Other Things Being Equal: A Paired Testing Study of Discrimination in Mortgage Lending
AbstractThis article summarizes a recently completed study, funded by the U.S. Department of Housing and Urban Development (HUD) and conducted by the Urban Institute, of discrimination against black and Hispanic homebuyers when they visit mortgage lending institutions in two major metropolitan markets to make pre-application inquiries. It represents the first application of paired testing to rigorously measure discrimination in the mortgage lending process. The paired tests disclosed significant levels of adverse treatment on the basis of race and ethnicity, with African Americans and Hispanics receiving less information and assistance than comparable whites, even at this very early stage in the application process.
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Bibliographic InfoPaper provided by University of Connecticut, Department of Economics in its series Working papers with number 2003-09.
Length: 27 pages
Date of creation: Mar 2003
Date of revision: May 2004
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This paper has been announced in the following NEP Reports:
- NEP-ALL-2003-03-19 (All new papers)
- NEP-GEO-2003-03-19 (Economic Geography)
- NEP-URE-2003-03-19 (Urban & Real Estate Economics)
Please report citation or reference errors to , or , if you are the registered author of the cited work, log in to your RePEc Author Service profile, click on "citations" and make appropriate adjustments.:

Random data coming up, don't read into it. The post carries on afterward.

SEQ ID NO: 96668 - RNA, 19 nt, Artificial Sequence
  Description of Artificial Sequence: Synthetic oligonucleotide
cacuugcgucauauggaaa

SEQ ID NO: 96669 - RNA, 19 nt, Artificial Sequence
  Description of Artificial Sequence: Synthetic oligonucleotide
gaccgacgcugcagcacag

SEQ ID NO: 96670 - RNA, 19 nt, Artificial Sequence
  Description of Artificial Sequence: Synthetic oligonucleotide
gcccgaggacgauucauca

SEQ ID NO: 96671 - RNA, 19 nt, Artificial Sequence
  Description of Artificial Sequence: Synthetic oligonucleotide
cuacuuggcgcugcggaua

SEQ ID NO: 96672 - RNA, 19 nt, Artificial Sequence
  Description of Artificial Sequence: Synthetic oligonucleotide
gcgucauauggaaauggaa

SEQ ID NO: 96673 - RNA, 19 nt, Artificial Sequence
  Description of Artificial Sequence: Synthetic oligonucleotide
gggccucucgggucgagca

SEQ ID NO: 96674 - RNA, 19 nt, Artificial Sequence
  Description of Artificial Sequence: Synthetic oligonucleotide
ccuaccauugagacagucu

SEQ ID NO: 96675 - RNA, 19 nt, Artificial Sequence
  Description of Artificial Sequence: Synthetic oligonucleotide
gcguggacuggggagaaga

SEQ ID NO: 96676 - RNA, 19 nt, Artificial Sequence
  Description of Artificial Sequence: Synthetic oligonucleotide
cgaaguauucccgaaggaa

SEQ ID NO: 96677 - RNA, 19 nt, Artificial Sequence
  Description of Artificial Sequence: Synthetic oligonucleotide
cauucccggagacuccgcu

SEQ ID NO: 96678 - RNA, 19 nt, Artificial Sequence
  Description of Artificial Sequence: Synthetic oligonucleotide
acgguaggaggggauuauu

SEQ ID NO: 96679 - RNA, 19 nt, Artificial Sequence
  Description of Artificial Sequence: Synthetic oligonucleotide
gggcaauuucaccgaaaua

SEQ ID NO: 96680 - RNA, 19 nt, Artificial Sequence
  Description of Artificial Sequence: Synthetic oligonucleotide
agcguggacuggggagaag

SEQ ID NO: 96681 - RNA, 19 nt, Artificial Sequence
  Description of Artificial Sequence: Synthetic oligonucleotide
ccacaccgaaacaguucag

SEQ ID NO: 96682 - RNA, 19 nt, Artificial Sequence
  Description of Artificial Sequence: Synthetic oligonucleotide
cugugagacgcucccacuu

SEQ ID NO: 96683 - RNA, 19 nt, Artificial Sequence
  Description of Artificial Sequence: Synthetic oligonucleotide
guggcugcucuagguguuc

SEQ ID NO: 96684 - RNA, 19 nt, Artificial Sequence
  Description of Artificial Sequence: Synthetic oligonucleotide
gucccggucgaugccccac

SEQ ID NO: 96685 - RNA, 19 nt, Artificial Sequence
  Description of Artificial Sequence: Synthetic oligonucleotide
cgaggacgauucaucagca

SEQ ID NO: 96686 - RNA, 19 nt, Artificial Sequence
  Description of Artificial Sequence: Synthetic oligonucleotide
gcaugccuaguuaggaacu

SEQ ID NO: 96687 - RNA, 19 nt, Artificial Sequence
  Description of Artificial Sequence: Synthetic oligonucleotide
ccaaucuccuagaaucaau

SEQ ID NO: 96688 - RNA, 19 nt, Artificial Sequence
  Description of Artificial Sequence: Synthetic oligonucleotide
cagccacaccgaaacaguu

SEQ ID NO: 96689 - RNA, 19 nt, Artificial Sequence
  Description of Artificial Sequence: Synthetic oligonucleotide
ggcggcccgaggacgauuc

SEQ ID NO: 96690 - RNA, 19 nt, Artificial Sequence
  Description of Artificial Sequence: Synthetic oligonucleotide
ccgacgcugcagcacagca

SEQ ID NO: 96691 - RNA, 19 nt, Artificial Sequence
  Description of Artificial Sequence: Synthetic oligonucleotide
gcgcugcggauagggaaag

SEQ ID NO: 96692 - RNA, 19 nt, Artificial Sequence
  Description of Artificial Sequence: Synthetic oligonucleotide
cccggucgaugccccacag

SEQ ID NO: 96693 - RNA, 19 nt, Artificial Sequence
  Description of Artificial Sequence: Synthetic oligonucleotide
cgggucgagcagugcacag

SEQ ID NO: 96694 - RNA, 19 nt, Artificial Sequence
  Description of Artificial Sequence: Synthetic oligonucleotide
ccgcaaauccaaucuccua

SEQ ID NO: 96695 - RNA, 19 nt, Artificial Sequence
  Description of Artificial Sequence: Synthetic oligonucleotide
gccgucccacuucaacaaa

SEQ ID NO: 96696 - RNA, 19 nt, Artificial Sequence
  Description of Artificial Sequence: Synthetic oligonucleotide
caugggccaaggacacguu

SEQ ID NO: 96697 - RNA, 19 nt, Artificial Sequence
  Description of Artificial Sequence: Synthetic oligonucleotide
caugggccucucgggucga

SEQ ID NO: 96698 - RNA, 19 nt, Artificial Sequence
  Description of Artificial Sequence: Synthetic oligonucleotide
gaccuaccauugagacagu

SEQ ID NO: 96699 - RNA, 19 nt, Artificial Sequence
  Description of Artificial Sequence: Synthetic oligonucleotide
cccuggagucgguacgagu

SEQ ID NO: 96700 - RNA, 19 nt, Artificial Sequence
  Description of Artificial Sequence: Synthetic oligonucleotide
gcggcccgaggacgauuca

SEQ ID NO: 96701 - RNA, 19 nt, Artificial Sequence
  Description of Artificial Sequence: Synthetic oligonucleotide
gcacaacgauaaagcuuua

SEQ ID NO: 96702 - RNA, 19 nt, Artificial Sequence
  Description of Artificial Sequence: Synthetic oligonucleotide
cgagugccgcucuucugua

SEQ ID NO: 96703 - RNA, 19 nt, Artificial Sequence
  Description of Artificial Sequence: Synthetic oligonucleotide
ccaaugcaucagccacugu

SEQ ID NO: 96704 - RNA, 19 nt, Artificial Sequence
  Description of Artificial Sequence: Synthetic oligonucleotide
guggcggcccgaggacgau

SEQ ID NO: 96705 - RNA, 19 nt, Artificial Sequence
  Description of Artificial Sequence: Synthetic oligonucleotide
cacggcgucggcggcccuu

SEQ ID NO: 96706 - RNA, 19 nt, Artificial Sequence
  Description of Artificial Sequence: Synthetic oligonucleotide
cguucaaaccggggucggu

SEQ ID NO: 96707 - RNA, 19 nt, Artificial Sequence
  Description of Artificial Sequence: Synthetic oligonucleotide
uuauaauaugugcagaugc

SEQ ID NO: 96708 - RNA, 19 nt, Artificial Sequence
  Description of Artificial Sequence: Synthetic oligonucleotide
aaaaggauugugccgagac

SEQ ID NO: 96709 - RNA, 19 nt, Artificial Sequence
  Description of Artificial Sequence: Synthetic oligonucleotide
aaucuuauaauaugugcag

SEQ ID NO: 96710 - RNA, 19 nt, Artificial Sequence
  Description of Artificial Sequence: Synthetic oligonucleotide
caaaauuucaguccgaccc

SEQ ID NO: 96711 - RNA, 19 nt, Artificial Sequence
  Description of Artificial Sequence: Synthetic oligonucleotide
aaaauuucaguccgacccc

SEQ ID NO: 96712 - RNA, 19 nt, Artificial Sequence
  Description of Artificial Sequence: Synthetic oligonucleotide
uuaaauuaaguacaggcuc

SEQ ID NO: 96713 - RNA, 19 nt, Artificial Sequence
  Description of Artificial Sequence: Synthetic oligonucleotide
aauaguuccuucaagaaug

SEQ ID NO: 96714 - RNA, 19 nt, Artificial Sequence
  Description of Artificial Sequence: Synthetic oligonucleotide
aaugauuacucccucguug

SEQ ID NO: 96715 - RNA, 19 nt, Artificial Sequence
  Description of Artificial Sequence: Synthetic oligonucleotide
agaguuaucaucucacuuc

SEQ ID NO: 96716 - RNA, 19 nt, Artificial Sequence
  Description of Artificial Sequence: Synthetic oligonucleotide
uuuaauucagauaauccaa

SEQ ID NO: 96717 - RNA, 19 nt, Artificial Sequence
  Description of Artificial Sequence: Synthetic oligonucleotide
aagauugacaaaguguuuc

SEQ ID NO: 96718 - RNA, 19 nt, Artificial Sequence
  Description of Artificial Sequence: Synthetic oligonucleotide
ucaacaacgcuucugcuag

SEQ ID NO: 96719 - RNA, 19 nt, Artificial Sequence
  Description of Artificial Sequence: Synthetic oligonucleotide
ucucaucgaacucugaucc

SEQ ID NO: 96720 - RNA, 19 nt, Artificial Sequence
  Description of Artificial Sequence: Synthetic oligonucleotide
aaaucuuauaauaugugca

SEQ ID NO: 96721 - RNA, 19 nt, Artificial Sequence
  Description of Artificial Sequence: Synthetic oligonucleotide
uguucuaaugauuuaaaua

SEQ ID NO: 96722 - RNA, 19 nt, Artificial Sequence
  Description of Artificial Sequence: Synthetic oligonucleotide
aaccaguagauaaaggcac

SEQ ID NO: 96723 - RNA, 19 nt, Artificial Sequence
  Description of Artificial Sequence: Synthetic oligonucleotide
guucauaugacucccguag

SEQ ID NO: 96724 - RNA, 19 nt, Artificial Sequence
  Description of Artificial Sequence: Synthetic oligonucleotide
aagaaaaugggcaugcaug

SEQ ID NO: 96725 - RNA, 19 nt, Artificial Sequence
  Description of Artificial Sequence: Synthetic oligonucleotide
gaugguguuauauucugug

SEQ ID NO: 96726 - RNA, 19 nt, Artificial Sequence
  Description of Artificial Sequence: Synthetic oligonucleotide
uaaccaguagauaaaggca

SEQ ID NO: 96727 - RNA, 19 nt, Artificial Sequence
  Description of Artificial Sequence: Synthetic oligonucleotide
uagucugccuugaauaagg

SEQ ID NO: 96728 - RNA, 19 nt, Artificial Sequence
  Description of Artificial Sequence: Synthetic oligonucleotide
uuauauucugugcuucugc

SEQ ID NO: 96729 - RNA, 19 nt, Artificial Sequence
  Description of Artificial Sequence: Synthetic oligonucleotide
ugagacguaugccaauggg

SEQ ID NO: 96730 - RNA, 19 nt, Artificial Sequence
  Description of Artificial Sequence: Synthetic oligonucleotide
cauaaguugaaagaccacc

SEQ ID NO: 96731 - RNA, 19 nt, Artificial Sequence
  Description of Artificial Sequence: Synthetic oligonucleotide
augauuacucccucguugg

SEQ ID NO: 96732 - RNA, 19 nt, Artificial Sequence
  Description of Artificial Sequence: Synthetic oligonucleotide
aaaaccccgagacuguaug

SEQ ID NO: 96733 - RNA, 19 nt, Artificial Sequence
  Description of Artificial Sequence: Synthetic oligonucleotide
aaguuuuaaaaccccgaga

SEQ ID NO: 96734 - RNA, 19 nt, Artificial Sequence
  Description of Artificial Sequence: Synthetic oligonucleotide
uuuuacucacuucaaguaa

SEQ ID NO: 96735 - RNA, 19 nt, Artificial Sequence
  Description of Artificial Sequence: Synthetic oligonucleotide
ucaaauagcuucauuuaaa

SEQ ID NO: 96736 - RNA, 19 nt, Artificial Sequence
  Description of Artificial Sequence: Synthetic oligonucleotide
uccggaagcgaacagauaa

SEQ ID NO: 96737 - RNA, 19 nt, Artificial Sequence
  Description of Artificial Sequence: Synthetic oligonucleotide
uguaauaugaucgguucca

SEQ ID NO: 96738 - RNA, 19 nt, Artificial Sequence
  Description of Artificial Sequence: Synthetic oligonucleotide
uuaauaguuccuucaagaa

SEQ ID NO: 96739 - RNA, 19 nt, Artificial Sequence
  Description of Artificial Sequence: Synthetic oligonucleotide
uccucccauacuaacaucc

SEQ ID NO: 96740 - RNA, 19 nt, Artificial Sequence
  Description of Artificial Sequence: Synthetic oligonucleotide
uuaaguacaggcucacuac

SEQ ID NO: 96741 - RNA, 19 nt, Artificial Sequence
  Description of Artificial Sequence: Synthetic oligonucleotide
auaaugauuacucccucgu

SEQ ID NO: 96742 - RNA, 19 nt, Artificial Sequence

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- Zhao, Bo & Ondrich, Jan & Yinger, John, 2006.
"Why do real estate brokers continue to discriminate? Evidence from the 2000 Housing Discrimination Study,"
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Elsevier, vol. 59(3), pages 394-419, May.
- Bo Zhao & Jan Ondrich & John Yinger, 2005. "Why Do Real Estate Brokers Continue to Discriminate? Evidence from the 2000 Housing Discrimination Study," Center for Policy Research Working Papers 67, Center for Policy Research, Maxwell School, Syracuse University.
- Lloyd Blanchard & Bo Zhao & John Yinger, 2005. "Do Credit Market Barriers Exist for Minority and Women Entrepreneurs?," Center for Policy Research Working Papers 74, Center for Policy Research, Maxwell School, Syracuse University.
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